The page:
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Facts about Saskatchewan for Kids

Saskatchewan is bordered on the west by Alberta, on the north by the Northwest Territories, on the east by Manitoba, and on the south by the U.S. states of Montana and North Dakota. Other major cities include Prince Albert, Moose Jaw, Yorkton, Swift Current and North Battleford. Saskatchewan’s current premier is Brad Wall and its lieutenant-governor is Vaughn Solomon Schofield.

  • “In 1992, the federal and provincial governments signed a historic land claim agreement with Saskatchewan First Nations.
  • As a result, about 761,000 acres have been turned into reserve land and many First Nations continue to invest their settlement dollars in urban areas”, including Saskatoon.
  • Saskatchewan has the distinction of being the only Canadian province for which no borders correspond to physical geographic features.
  • Northern Saskatchewan is mostly covered by boreal forest except for the Lake Athabasca Sand Dunes, the largest active sand dunes in the world north of 58°, and adjacent to the southern shore of Lake Athabasca.
  • Southern Saskatchewan contains another area with sand dunes known as the “Great Sand Hills” covering over 120 sq mi.
  • Warm southern winds blow from the plains and intermontane regions of the Western United States during much of July and August, very cool or hot but changeable airmasses often occur during spring and in September.
  • Saskatchewan is the second most tornado active part of Canada, after Ontario, averaging approx.
  • The coldest ever recorded was −56.7 degrees Celsius in Prince Albert, which is north of Saskatoon.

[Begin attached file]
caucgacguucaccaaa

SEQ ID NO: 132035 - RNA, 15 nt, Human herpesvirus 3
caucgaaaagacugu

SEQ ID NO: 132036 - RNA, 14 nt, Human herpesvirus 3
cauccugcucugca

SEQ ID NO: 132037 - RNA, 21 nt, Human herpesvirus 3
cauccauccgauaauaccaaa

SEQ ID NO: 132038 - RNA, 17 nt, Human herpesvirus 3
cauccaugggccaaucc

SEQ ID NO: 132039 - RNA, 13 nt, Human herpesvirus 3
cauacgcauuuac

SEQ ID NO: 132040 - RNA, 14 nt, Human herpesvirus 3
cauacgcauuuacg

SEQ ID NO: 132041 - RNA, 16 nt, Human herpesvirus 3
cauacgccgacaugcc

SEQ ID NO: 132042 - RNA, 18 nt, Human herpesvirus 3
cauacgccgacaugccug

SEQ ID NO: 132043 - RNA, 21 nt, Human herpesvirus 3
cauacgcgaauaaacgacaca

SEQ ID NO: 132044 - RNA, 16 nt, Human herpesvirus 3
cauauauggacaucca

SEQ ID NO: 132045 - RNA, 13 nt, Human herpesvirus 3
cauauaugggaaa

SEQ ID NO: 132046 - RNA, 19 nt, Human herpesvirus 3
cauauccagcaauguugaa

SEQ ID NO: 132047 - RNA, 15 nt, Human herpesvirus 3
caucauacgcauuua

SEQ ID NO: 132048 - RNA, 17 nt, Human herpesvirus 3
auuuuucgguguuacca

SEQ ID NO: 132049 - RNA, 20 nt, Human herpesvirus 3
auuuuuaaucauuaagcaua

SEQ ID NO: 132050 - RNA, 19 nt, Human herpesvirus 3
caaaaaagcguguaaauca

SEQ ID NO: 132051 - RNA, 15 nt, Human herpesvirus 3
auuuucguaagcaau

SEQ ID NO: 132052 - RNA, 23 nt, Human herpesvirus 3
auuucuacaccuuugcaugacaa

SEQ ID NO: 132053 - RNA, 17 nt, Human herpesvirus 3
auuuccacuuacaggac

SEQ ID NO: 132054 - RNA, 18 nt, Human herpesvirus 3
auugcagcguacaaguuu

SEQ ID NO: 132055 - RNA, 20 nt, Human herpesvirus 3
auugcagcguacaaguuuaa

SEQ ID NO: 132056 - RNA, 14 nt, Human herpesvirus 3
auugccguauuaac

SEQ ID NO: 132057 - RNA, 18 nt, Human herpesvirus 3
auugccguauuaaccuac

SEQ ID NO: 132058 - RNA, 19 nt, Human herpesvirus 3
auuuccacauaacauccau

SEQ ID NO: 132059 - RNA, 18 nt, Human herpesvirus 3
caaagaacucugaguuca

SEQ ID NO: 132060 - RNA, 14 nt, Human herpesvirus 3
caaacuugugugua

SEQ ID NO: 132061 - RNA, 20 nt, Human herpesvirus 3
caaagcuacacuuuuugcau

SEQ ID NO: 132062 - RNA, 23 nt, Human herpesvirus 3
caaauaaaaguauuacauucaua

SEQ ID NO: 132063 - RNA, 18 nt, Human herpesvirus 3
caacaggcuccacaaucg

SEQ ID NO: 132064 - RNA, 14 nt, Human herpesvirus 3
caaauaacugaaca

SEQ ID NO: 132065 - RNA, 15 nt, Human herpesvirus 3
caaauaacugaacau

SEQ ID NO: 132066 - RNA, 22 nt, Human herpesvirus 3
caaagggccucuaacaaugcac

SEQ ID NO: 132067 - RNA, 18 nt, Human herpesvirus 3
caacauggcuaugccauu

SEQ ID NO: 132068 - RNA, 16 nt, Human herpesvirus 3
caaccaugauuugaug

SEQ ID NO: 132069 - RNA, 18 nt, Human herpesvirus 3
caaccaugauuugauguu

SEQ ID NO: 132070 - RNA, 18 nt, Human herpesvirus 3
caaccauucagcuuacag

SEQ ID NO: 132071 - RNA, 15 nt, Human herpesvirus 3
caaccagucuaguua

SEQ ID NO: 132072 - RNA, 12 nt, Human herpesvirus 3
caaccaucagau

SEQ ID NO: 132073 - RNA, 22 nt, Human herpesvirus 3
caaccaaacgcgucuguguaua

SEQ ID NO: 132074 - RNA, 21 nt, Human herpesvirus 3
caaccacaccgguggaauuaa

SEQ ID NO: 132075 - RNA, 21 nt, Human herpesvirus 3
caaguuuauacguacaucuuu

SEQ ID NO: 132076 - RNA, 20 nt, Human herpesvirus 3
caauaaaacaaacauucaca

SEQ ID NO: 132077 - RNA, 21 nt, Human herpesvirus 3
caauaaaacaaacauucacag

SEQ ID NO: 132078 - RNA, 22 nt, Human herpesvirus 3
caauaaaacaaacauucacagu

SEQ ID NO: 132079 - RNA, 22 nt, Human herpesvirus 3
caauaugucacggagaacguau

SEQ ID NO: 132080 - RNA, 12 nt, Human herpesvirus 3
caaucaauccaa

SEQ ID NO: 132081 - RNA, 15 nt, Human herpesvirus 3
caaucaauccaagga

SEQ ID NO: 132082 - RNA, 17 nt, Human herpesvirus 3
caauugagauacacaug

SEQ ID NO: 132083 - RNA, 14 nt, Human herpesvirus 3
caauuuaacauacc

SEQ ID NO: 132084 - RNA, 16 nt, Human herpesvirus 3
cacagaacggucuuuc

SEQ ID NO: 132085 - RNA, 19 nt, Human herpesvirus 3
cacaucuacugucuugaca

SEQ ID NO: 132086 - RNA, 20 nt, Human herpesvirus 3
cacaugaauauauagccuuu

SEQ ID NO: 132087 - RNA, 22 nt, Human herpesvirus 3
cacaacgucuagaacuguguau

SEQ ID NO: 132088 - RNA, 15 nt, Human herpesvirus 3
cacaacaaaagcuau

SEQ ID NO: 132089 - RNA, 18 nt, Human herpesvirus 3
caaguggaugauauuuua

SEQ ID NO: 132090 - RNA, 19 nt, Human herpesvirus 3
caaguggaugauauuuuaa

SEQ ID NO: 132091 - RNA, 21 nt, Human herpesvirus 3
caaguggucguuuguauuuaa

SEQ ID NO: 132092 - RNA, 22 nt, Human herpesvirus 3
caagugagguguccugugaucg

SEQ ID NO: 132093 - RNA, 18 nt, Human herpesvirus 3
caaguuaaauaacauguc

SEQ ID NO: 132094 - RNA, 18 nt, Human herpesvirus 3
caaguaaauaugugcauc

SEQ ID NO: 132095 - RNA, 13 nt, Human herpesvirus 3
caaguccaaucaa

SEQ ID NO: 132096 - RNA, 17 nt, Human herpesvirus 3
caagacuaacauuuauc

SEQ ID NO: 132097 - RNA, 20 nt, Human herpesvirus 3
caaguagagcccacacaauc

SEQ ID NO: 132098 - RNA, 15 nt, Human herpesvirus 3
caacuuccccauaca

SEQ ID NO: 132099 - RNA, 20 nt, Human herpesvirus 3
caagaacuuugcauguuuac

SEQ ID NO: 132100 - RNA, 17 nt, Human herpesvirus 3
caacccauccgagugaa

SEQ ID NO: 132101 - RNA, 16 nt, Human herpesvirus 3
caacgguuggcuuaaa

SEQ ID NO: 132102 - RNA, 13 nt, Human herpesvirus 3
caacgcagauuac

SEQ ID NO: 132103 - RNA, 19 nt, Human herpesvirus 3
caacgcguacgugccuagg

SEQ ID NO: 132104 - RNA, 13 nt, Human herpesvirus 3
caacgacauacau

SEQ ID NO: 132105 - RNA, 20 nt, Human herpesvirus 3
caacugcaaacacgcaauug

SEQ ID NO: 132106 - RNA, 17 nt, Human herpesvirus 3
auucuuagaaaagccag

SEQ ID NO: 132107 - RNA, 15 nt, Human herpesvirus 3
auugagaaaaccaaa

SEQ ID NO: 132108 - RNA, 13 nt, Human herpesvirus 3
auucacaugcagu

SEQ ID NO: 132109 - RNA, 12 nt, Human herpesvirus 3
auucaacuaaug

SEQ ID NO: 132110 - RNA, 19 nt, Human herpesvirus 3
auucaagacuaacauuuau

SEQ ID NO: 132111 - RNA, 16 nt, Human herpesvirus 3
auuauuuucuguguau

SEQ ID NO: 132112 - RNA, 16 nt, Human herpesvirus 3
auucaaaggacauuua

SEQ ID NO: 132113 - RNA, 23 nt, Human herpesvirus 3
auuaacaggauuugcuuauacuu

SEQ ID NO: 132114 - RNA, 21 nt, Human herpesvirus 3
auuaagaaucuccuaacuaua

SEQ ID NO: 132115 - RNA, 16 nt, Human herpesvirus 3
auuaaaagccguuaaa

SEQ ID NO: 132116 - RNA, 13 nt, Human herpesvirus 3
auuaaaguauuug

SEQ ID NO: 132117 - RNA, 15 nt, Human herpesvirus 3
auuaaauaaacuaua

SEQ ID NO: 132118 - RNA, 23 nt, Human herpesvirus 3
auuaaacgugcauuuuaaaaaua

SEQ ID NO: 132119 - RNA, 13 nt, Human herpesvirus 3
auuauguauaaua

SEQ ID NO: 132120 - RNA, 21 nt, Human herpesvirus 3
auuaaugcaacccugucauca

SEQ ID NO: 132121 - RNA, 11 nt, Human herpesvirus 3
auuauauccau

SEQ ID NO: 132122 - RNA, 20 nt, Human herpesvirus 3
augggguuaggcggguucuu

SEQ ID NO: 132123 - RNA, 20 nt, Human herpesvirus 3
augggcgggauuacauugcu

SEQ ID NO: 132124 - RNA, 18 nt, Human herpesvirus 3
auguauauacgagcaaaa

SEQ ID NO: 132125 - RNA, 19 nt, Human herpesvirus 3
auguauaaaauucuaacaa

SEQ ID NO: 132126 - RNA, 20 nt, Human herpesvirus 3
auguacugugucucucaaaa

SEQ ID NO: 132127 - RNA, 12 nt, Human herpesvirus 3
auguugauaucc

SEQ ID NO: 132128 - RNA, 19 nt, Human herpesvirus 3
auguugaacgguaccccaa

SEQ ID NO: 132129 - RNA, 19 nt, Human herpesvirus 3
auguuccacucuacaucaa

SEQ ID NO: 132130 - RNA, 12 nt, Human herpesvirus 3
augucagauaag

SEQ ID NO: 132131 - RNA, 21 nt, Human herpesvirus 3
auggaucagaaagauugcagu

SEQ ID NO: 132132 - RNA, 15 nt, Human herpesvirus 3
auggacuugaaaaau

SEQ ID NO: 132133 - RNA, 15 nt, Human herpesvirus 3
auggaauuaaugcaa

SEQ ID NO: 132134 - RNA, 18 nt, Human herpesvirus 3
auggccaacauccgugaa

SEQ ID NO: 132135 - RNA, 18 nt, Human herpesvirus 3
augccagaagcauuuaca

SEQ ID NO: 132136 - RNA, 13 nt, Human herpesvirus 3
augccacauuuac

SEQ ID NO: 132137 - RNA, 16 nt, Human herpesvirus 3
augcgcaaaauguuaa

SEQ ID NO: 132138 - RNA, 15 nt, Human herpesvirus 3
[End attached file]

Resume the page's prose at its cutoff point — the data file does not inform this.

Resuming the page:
• The effects of climate change in Saskatchewan are now being observed in parts of the province.
  • There is evidence of reduction of biomass in Saskatchewan’s boreal forests that is linked by researchers to drought-related water stress, stemming from global warming, most likely caused by greenhouse gas emissions.
  • The provincial government has responded to the threat of climate change by introducing a plan to reduce carbon emissions, “The Saskatchewan Energy and Climate Change Plan,” in June, 2007.
  • The first European to enter Saskatchewan was Henry Kelsey in 1690, who travelled up the Saskatchewan River in hopes of trading fur with the province’s indigenous peoples.
  • The construction of the Canadian Pacific Railway would likely have been delayed or taken a different, more northerly route, stunting the early growth of towns like Brandon, Regina, Medicine Hat and Calgary – had these existed at all.
  • Ten largest municipalities by population This list does not include Lloydminster, which has a total population of 27,804 but straddles the Alberta–Saskatchewan border.
  • All of the listed communities are considered cities by the province, with the exception of Corman Park, which is a rural municipality.
  • Saskatchewan has the same form of government as the other Canadian provinces with a lieutenant-governor, premier, and a unicameral legislature.
  • After 16 years of New Democratic governments under premiers Roy Romanow and Lorne Calvert, the 2007 provincial election was won by the Saskatchewan Party under Brad Wall.